When Amazon decided they wanted to get into developing video games, a lot of the gaming industry wasn’t sure exactly what to make of it. Sure, they could buy out studios, build their own platform, and basically sink unlimited resources into just about any aspect of game creation they want, but would endless pockets be enough to create a game that people actually want to play?
Well, we’ll find out next week when Amazon Games launches its first flagship MMORPG (massively multiplayer online role-playing game, like World of Warcraft), New World. Players will venture to the continent of Aeturnum Island, where they’ll be responsible for battling, crafting, and exploring their way through a world filled with all kinds of creatures, both real and imaginary.
So who does one of the biggest companies on the planet hire to score the title that they have the vast majority of their gaming launch riding on? None other than Ramin Djawadi (Westworld, Iron Man, Clash of the Titans) and Brandon Campbell. The duo teamed up for the last two Gears of War games together, and they’ve also worked together on some movies and TV shows you may have heard of before — like Game of Thrones, Eternals, A Wrinkle in Time, and The Strain.
SPIN caught up with the pair amid the buildup to the September 28 release to chat about musically building a new world for New World.
SPIN: Like many MMORPGs, New World is a huge game both as far as content and scale. How do you go about creating a score for something so huge?
Brandon Campbell: I mean, we really tried to have a diverse score because the game itself is so diverse — with so many different types of areas and geographical locations. Hopefully we created some memorable melodies, but we focused on using lots of different instrumentation and different musical colors.
Ramin Djawadi: I think we were also able to vary things dynamically. So there’s a wide range of instrumentation, but they’re also very dynamic. There are some dark pieces, some very light pieces, some quiet, some big action. Like Brandon said, it’s such a vast world that we basically had to match that musically.
And I know the two of you work together sometimes, but you’re also both very accomplished composers on your own these days. What was it like to collaborate again on New World?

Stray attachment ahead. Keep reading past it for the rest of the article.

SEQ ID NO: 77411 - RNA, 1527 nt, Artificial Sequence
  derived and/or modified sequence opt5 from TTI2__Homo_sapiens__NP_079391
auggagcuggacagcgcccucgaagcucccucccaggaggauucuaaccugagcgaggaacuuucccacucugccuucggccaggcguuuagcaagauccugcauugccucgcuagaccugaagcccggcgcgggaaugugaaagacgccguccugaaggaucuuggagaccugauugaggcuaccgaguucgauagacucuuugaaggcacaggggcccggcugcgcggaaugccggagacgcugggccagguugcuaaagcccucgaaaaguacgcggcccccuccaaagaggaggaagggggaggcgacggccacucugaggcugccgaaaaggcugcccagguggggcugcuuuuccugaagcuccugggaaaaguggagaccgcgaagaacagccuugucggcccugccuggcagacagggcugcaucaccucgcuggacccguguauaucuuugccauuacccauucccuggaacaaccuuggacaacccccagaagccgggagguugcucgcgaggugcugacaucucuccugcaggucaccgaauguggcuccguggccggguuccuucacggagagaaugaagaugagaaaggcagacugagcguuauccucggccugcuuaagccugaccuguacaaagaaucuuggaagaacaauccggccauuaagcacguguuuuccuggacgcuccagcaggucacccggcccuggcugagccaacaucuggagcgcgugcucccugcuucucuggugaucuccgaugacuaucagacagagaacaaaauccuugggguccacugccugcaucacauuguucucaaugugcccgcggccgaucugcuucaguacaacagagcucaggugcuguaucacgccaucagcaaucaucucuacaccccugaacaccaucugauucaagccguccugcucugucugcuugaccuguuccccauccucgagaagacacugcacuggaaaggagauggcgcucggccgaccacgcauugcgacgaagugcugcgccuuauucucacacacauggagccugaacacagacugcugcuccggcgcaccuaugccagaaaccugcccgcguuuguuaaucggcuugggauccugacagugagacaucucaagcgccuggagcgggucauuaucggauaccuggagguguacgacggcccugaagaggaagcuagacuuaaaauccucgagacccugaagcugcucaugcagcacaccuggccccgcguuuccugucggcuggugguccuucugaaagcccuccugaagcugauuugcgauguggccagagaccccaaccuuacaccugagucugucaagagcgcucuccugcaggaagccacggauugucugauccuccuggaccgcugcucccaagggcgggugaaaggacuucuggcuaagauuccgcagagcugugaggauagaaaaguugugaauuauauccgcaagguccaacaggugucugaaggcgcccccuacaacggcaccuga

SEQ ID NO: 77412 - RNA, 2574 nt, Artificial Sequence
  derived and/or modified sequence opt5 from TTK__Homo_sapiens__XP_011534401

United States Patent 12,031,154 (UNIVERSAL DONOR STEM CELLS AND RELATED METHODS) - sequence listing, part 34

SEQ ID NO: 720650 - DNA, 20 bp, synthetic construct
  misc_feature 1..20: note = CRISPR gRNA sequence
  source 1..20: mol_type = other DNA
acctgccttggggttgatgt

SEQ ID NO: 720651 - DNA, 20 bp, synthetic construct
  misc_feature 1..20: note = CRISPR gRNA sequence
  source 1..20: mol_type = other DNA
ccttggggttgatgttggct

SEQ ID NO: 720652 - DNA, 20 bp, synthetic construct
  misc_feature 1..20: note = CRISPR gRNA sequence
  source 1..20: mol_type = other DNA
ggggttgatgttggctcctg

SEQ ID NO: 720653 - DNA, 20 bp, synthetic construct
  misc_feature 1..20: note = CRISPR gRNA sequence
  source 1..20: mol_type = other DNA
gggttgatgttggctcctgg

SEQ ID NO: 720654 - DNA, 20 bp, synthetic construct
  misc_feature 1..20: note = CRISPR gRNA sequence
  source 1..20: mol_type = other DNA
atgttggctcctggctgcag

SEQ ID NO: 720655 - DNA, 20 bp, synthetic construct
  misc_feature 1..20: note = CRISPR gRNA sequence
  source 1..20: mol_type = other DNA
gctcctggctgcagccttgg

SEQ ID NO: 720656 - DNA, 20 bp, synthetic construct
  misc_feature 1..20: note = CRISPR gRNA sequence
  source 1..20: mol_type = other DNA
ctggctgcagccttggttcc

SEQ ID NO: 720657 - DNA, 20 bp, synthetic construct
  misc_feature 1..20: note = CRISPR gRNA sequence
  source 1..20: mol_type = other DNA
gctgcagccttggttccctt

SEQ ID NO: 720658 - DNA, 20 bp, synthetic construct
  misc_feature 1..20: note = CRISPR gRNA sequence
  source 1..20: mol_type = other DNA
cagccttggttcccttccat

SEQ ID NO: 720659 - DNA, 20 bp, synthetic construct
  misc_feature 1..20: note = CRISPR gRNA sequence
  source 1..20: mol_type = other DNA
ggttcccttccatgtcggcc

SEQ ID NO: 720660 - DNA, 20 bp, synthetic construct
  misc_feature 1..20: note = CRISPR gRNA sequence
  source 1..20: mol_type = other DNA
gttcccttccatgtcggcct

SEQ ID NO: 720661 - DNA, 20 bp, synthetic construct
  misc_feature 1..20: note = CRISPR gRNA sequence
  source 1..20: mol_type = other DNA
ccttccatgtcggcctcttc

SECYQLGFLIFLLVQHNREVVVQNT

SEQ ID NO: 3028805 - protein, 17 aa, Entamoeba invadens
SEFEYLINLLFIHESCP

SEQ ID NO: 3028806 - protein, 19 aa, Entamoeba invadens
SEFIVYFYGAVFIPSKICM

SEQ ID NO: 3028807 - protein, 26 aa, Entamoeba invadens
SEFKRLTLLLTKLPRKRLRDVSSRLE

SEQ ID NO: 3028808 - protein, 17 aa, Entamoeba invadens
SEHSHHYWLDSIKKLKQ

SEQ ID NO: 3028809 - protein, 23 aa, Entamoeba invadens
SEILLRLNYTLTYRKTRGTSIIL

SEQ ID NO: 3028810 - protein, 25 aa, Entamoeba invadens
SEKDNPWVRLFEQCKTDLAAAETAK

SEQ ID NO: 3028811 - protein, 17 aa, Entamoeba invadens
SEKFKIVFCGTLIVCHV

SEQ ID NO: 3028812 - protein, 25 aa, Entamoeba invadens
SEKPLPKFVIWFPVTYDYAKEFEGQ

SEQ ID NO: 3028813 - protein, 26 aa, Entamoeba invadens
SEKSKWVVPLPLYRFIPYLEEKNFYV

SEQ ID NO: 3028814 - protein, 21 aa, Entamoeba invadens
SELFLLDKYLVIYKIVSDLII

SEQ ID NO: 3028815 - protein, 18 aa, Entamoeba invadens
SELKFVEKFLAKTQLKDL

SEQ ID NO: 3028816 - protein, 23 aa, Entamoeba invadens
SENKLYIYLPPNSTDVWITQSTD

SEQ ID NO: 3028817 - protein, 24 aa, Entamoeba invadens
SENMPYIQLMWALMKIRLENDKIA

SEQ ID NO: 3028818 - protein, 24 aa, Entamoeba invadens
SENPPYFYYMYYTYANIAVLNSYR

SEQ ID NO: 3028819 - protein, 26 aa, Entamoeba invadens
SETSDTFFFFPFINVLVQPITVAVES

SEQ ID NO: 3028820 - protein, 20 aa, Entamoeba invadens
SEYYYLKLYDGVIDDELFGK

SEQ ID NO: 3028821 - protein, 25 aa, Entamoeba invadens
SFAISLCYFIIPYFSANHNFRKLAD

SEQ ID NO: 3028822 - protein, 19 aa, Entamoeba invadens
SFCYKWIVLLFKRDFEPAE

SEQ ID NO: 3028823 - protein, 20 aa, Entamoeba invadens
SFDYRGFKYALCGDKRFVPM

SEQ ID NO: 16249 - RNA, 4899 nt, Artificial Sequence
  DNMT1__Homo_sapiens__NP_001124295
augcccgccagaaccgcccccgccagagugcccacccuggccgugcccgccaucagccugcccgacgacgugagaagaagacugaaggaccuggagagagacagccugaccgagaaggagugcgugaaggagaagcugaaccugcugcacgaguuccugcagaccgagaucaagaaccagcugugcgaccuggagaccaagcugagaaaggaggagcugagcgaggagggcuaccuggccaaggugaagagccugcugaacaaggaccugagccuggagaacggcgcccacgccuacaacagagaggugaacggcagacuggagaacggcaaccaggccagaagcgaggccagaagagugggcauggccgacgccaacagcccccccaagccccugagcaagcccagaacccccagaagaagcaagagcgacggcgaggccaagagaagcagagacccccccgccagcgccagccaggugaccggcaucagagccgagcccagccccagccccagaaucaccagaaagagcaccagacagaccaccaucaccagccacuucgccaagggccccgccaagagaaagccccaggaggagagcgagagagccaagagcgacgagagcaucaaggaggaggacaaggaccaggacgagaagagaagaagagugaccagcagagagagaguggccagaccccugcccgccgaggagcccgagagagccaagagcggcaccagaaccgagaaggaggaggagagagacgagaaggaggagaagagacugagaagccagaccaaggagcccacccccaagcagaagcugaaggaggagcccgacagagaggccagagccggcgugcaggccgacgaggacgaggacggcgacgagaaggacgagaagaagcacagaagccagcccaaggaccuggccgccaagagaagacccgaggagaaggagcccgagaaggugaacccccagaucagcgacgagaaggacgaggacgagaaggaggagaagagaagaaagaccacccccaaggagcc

Campbell: For me personally, I love working with Ramin. He mentored me when I was younger — he even still mentors me — and it’s really nice to be able to compose with and bounce ideas off of him. He bounces ideas off of me as well, so I might start something and Ramin will come in and help me finish it, and vice versa. It’s just the whole collaborative process of it really is more exciting in a lot of ways and can be more innovative than working by yourself.
Djawadi: As a composer, you sit in a room by yourself a lot, and it can be quite a lonely job. So by doing this together, you can inspire each other. Like Brandon said, you bounce ideas off of each other, and it’s fun to do it together like that. We can play tracks to each other and create things together, and that makes it fun.
Seeing as New World could be a game that people sink hundreds or thousands of hours into, how does that affect both the variety and how much music you create to make sure people don’t get bored with it?
Djawadi: Well, we wrote a lot of music for it, and the music is very different. So hopefully, there doesn’t feel like there’s ever any repetition even when people spend a lot of hours on it, because there’s a lot of songs. Another thing is that some of it is just to set the mood. The music isn’t constantly in your face, and we tried to break it up a little bit to just create an atmosphere for certain areas.